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Oracle® Fusion Middleware Developer's Guide for Oracle WebCenter Portal
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66 Personalizing WebCenter Portal Applications

Personalization for WebCenter Portal delivers targeted content based on both user and application context. WebCenter Portal's Personalization also provides a run-time system and associated tools that allow the declarative definition of application flow.

This chapter describes how to integrate Personalization into a WebCenter Portal: Framework application and includes the following sections:

For more information about Personalization, see:

66.1 Introduction to Personalization

Personalization provides a dynamically derived user experience for your WebCenter Portal application. Personalization evaluates defined sources of input data, generates a decision based on that evaluation, and applies this information to a declaratively defined Personalization scenario. Personalization, for example, can return content or change application flow based on information about a user in a Human Resources database, targeting the application experience for that specific user.

This section provides an overview of the features and requirements of Personalization, and contains the following subsections:

66.1.1 Personalization Architecture

Figure 66-1 shows the architecture and out-of-the box services and components that comprise Personalization. These and other Personalization components are described in:

Figure 66-1 Personalization Services Architecture

Description of Figure 66-1 follows
Description of "Figure 66-1 Personalization Services Architecture"

66.1.2 Personalization Conductor

This section describes the role of the Personalization Conductor. The Conductor is the heart of the Personalization engine, and contains and runs the units of work called scenarios. The Conductor runs the prepared scenarios, and provides access to provider extensions that plug into the Conductor. These aspects of the Conductor are described in the following sections:

66.1.2.1 Personalized Scenarios

A scenario is defined by a script you create using the Scenario Editor in JDeveloper (or provide as an XML file) based on a simple syntax that allows conditional statement evaluation resulting in the return (to the client) of some form of content. Based on function provider expressions, a script action may then return filtered content to the client application using a Data Provider and a query. A scenario, rather than returning targeted content, can also be used to make dynamic changes to application flow, resulting in a personalized user experience within the application.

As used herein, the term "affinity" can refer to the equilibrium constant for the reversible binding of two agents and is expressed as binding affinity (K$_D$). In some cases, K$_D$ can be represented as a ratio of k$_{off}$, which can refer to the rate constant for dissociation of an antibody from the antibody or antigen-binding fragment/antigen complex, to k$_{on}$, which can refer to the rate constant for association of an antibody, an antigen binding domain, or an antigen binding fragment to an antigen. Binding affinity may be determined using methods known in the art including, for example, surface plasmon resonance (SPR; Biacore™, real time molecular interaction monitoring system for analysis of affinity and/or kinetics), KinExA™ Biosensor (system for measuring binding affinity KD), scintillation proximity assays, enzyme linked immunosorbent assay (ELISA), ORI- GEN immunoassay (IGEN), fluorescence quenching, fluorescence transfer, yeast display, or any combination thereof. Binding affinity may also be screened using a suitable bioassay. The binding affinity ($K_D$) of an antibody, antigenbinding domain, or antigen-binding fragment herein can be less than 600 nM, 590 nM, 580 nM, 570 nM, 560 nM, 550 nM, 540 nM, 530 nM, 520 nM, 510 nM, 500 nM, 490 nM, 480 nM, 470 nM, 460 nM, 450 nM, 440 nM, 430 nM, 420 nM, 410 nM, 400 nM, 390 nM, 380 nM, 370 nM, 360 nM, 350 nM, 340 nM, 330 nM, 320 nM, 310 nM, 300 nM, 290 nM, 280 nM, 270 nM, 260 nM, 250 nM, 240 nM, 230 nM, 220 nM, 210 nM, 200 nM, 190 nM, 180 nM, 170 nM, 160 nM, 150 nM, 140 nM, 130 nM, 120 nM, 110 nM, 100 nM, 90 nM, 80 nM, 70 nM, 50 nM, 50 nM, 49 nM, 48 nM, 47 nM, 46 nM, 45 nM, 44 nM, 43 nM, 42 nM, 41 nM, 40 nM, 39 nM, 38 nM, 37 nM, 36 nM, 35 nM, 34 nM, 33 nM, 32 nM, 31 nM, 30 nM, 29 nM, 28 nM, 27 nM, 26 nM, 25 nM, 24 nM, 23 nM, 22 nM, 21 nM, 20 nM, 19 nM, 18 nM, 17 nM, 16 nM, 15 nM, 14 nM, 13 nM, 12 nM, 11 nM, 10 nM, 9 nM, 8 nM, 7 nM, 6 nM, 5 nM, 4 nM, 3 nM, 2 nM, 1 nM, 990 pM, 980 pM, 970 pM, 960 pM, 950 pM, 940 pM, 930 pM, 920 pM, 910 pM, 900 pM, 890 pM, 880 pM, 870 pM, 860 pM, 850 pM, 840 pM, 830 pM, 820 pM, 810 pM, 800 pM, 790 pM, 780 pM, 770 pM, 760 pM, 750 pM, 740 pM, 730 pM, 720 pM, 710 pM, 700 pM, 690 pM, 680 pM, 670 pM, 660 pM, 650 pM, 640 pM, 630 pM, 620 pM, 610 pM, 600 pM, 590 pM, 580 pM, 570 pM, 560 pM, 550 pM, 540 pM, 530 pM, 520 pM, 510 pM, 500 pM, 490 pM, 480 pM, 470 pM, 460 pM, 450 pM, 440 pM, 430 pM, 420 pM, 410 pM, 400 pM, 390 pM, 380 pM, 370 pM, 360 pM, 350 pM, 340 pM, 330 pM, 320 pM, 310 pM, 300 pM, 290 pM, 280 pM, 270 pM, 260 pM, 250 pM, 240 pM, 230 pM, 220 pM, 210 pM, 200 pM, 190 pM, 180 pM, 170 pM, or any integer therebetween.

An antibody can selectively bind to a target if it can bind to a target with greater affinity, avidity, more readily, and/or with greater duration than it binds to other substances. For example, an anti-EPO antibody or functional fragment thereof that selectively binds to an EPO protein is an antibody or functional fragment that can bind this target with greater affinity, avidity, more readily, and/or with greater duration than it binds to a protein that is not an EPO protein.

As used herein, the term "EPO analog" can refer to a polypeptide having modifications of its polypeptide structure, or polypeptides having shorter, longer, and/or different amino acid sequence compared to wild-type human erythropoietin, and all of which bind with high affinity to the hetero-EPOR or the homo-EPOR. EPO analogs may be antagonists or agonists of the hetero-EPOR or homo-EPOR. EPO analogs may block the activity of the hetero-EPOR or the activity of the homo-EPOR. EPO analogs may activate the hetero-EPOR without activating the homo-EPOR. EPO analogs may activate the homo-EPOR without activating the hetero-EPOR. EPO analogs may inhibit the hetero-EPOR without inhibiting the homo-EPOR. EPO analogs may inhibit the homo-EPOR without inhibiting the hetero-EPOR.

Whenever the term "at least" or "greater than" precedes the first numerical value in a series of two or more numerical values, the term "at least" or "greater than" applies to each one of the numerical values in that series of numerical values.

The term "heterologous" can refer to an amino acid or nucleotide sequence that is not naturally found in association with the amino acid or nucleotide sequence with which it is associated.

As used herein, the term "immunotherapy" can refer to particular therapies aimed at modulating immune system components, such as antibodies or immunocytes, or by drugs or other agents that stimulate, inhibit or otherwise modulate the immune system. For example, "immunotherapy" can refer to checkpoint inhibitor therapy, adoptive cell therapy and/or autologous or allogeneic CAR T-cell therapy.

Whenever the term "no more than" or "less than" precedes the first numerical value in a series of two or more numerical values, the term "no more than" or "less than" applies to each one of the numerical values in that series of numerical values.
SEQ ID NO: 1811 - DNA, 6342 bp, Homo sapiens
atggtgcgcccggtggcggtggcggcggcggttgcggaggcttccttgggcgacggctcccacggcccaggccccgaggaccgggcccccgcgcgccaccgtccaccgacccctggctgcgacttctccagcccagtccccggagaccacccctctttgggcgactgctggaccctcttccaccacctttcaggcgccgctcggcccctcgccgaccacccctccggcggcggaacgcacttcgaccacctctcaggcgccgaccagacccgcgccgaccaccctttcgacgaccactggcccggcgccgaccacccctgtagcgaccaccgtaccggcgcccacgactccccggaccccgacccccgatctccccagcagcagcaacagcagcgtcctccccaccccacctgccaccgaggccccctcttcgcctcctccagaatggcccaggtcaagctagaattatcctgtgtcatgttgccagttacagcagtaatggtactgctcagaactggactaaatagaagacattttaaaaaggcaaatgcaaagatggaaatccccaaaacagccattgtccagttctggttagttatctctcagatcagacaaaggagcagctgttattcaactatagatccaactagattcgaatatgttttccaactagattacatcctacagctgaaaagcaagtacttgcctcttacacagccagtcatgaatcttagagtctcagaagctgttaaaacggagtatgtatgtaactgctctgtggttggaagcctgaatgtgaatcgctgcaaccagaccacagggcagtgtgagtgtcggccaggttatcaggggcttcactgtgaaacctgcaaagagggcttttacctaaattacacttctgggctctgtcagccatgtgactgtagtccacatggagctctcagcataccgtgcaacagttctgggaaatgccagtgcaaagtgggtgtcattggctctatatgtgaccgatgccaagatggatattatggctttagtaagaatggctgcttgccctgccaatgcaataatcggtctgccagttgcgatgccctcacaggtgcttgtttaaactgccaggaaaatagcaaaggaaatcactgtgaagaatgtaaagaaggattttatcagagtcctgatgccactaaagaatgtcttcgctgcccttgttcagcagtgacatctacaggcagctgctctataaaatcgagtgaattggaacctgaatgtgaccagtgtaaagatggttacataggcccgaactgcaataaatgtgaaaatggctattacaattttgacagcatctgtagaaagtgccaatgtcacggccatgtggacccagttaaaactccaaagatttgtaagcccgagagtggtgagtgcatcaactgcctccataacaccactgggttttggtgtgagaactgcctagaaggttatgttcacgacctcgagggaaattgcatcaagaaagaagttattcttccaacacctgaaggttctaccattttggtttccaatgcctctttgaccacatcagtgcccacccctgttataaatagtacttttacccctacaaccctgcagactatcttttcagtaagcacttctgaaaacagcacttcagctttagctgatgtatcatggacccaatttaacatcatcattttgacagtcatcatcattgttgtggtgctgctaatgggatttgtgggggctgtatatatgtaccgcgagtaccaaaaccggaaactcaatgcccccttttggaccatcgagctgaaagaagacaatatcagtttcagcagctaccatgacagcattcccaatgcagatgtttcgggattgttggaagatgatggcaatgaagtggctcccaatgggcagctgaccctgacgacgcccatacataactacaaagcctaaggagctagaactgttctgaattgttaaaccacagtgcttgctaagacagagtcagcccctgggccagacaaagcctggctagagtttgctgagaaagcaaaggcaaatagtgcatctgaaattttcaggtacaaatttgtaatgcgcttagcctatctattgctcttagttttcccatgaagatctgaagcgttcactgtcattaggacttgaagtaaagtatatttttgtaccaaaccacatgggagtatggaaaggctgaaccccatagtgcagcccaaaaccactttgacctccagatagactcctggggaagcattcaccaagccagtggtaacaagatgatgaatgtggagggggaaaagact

In JDeveloper, you can use the Scenario Editor to graphically design your scenario. You can also create XML file-based scenarios. See Section 66.2.2.4, "Specifying Scenario Flow Using Node Types" and Section 66.2.3, "Creating File-Based Scenarios" for more information about creating scenarios.

66.1.2.2 Personalized Application Flow

As well as returning content targeted to a specific user, scenarios executing within the Conductor can also control application flow, render user interface components, and execute application-related events. Using the Conductor's public Java and Expression Language (EL) API, you can provide seamless integration with an existing Java or Web-based application. See Chapter 67, "Using Personalization APIs Externally" for more information about using Java and EL APIs.

66.1.2.3 Property Set Integration

The Property Service uses property sets to organize sets of user or application data, and property definitions to assign a data type to property data. You can extend the Property Service to access additional user profile data in an enterprise LDAP repository, or to access additional repositories such as Oracle MDS. For more information about the Property Service and property sets, see Section 66.1.3, "Personalization Property Service."

66.1.2.4 Provider Integration

Providers provide a way to access external resources within your scenario. As well as three out-of-the-box providers for the Property Service, Content Server Provider (CMIS), and Activity Graph, the Conductor also supports an extensible architecture that lets you implement and access custom providers from within your Scenarios. For more information about providers, see Section 66.1.4, "Personalization Providers."

66.1.3 Personalization Property Service

This section describes the Personalization Property Service. The Property Service provides a simple yet scalable way for developers to access user data.

This section includes the following subsections:

66.1.3.1 Property Service Architecture

The Property Service uses Java and REST APIs to store and retrieve properties about a user, such as their age or gender, or other information such as the current time. These properties are part of a property set. A property set can have a schema defined (the schema defines types for properties), or it can be created on demand without a schema. A property set can have properties that are retrieved from different locations such as the Identity Store LDAP server, a file, or using a SQL query. For more information about using Java and REST APIs, see Chapter 67, "Using Personalization APIs Externally"

The Property Service uses the default Personalization cache (or Coherence cache if available) and by default stores property sets in a database. The Property Service is also extensible allowing additional repositories such as Oracle MDS to be configured.

Figure 66-2 Property Service Architecture

Description of Figure 66-2 follows
Description of "Figure 66-2 Property Service Architecture"

66.1.3.2 Property Sets